Special Issue on Mobile Mixed Reality

Dr Thomas Cochranea*, Dr Fiona Smartb and Dr Vickel Narayana

aCentre for Learning And Teaching, Auckland University of Technology; bDepartment of Learning and Teaching Enhancement, Edinburgh Napier University.

Published 27 November 2018


This special collection of Research In Learning Technology explores the state of the art of mobile mixed reality (MMR) in education. The special collection includes eight articles that cover; a systematic review of MMR in healthcare higher education, using mobile devices for connecting people to places, and a variety of case studies of implementing MMR in educational contexts. The range of papers illustrates the emergence of MMR as a platform for designing authentic learning environments in both formal and informal learning situations. The papers also highlight a general lack of engagement with new learning theories and models in the use of MMR to design transformative learning experiences.

Keywords: design-based research; scholarship of technology enhanced learning; augmented reality; virtual reality; mixed reality; mobile learning

*Corresponding author. Email: Thomas.cochrane@aut.ac.nz

Research in Learning Technology 2018. © 2018 Dr Thomas Cochrane et al. Research in Learning Technology is the journal of the Association for Learning Technology (ALT), a UK-based professional and scholarly society and membership organisation. ALT is registered charity number 1063519. http://www.alt.ac.uk/. This is an Open Access article distributed under the terms of the Creative Commons Attribution 4.0 International License (http://creativecommons.org/licenses/by/4.0/), allowing third parties to copy and redistribute the material in any medium or format and to remix, transform, and build upon the material for any purpose, even commercially, provided the original work is properly cited and states its license.

Citation: Research in Learning Technology 2018, 26: 2195 - http://dx.doi.org/10.25304/rlt.v26.2195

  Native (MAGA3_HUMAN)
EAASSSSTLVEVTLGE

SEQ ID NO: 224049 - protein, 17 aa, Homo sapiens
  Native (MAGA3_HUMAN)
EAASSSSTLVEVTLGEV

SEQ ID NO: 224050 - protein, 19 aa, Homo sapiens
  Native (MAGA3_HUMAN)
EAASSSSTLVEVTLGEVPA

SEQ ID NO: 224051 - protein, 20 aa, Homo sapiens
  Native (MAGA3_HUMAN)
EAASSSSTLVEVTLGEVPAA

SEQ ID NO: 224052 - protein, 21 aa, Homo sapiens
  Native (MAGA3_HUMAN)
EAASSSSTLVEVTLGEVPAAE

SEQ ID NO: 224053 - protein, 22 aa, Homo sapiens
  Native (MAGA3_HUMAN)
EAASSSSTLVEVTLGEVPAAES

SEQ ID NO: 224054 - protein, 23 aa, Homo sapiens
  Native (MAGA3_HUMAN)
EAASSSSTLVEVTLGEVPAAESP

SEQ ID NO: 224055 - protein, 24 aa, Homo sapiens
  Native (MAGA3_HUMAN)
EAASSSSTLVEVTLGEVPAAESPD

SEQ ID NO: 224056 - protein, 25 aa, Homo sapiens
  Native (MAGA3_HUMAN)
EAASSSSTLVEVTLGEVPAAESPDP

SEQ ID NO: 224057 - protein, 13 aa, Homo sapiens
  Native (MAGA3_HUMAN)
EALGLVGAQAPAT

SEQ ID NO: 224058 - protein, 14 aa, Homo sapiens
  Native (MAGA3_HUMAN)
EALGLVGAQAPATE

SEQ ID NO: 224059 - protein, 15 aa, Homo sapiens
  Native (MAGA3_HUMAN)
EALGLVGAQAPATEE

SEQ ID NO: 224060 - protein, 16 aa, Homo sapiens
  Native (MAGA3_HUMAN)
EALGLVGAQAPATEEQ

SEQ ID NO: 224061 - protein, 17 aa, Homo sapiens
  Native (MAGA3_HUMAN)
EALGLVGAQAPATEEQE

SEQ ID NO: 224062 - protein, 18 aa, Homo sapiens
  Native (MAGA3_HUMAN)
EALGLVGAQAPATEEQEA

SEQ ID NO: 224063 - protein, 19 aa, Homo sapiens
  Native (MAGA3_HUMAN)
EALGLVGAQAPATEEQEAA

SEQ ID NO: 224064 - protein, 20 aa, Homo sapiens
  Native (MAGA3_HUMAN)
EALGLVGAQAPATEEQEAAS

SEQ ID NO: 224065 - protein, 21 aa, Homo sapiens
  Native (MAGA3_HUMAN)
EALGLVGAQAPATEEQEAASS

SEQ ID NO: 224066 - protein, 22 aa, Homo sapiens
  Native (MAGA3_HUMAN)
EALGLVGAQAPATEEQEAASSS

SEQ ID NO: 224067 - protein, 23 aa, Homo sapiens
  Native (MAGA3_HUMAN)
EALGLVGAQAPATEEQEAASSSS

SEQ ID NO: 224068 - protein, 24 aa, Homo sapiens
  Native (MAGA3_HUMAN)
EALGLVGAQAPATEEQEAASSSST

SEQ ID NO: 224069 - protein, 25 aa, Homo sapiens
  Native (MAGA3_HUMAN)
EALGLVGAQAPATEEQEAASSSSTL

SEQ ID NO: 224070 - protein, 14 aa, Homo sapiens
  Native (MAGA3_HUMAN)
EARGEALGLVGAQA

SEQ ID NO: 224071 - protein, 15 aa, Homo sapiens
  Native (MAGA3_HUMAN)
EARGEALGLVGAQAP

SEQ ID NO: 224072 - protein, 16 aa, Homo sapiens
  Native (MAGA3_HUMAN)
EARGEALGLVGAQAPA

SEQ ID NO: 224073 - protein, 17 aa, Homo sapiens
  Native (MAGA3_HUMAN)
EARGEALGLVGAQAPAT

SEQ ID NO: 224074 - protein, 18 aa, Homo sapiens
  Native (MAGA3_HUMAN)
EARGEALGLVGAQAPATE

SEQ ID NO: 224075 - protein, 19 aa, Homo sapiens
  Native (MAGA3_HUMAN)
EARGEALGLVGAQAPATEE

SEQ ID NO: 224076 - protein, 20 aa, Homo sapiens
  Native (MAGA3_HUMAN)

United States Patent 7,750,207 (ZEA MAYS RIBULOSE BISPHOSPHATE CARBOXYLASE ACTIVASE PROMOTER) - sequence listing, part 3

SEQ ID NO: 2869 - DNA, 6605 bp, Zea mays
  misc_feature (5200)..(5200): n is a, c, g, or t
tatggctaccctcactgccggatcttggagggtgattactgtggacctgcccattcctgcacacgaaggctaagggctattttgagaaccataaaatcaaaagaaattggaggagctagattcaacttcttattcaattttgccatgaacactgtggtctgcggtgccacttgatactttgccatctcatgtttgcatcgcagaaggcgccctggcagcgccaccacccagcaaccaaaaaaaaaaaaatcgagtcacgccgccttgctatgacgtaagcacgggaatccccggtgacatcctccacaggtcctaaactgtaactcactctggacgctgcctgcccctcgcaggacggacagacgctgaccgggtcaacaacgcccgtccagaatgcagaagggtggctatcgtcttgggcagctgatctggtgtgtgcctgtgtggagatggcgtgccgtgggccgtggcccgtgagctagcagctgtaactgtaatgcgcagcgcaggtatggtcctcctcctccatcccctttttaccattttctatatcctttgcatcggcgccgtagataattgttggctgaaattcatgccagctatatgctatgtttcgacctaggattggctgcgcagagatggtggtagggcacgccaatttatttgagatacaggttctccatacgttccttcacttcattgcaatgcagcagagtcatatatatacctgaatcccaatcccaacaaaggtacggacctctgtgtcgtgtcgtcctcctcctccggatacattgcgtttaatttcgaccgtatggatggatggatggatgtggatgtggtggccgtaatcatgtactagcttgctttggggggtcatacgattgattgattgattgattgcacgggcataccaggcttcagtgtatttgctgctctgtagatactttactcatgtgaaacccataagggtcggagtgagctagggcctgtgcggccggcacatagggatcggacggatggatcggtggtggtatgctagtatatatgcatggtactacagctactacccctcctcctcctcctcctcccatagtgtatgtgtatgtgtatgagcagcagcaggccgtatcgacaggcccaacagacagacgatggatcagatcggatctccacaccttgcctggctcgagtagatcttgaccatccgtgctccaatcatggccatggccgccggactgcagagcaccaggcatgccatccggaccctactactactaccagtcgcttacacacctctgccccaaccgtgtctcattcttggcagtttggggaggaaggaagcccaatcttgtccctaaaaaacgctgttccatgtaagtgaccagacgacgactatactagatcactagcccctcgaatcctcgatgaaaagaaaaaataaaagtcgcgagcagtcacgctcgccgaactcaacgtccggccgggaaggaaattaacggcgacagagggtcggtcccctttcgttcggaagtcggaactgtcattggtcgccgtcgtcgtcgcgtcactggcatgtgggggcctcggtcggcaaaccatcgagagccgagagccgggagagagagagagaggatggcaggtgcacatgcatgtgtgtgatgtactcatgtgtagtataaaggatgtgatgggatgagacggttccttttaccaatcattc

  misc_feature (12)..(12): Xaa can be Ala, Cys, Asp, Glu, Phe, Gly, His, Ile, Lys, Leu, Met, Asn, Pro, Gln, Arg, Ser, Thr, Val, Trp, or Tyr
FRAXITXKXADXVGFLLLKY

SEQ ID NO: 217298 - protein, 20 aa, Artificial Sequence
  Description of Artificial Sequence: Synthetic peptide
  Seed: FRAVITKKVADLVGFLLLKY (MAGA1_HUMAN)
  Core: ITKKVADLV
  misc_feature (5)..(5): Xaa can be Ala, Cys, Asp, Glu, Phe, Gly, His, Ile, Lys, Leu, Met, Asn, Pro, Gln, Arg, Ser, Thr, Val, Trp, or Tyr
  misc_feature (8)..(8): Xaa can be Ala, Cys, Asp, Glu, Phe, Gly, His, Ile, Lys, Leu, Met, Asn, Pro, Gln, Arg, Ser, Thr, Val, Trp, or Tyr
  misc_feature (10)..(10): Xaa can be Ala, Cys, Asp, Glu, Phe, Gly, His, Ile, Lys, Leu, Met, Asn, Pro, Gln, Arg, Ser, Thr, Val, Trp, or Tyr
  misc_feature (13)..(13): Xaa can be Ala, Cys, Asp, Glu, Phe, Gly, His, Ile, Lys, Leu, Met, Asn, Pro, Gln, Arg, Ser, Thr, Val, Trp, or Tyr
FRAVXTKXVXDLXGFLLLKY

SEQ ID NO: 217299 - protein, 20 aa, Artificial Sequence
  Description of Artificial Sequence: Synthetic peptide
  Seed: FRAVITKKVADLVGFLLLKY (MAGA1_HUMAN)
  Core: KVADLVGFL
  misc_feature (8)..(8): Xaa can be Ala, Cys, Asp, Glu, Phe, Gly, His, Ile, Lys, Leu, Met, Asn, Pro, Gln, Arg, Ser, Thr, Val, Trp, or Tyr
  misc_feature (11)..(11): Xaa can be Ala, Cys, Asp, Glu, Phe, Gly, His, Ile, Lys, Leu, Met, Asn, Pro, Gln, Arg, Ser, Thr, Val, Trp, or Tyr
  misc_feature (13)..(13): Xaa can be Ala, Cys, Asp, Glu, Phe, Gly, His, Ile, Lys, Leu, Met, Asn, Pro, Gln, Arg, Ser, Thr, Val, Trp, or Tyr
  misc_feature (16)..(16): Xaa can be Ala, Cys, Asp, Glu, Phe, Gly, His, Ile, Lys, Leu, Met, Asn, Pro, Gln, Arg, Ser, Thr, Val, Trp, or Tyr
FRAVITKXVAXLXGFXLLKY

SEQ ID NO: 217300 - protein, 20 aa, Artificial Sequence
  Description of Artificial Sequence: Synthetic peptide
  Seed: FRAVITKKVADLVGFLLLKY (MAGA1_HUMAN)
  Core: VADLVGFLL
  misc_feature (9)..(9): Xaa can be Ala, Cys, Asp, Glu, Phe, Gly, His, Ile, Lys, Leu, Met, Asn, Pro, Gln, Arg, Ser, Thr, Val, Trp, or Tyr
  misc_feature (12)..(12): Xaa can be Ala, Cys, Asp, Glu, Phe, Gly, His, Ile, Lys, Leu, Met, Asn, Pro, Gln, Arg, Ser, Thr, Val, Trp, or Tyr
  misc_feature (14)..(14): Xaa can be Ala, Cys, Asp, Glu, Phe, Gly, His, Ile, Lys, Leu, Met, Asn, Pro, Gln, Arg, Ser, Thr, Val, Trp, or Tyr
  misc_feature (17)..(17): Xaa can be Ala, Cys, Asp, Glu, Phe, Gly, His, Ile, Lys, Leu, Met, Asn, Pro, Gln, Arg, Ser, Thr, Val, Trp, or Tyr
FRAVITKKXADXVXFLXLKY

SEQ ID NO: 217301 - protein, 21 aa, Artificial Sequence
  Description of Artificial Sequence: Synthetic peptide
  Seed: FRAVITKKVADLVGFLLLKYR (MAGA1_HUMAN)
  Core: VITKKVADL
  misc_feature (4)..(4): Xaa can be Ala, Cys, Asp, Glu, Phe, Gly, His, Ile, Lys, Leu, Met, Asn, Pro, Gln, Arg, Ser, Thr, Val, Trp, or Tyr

Mobile mixed reality is part of what has become popularly termed immersive reality (Peña-Rios et al., 2016), encompassing a continuum from augmented reality to virtual reality. MMR is part of long established education strategies that include simulation as an established educational methodology utilised particularly in healthcare higher education (Kaufman, 2010, Laschinger et al., 2008). The three main limitations of simulation – authenticity, access, and cost can be mitigated by utilising the affordances of MMR enabled by the development of mobile devices into powerful multi-sensory ubiquitously connected computing devices. In particular, MMR provides a potential practical and cost-effective solution to design innovative and authentic training environments (Plahouras et al., 2018, Barr and Foster, 2017, Birt et al., 2017). Augmented and virtual reality (mixed reality) is an emerging technology that bridges the gap between computer generated and real-world environments (Uluyol & Sahin, 2016). Mobile Mixed Reality enables the design of authentic learning environments that explore the impact of socio-culture influences, and lead to deeper student engagement with the real world via digitally enhanced gamified environments. This is illustrated by the phenomenon of Pokemon Go, and emergent mobile mixed reality projects with the likes of the Microsoft Hololens and Google Cardboard. The use of AR and VR to support teaching and learning has shown to have many advantages which include enhancement of learning achievement in terms of enhanced learning outcomes, motivation and engagement (Bacca, Baldiris, Fabregat, Graf, & Kinshuk, 2014). Interest in the application of VR and AR have increased dramatically over the last few years (Akçayır & Akçayır, 2017). However due to the relatively emerging nature of these technologies the implications of these tools in education are still largely still being explored. The RLT special collection on MMR builds upon the publication (November 2017) of a special issue of AJET guest edited by Dr Thomas Cochrane and Dr Helen Farley, with the theme: “Exploring Mobile Augmented and Virtual Reality in Higher Education” (Cochrane and Farley, 2017). In this special collection we explore the design of educational experiences that integrate these MMR technologies into both formal and informal learning environments.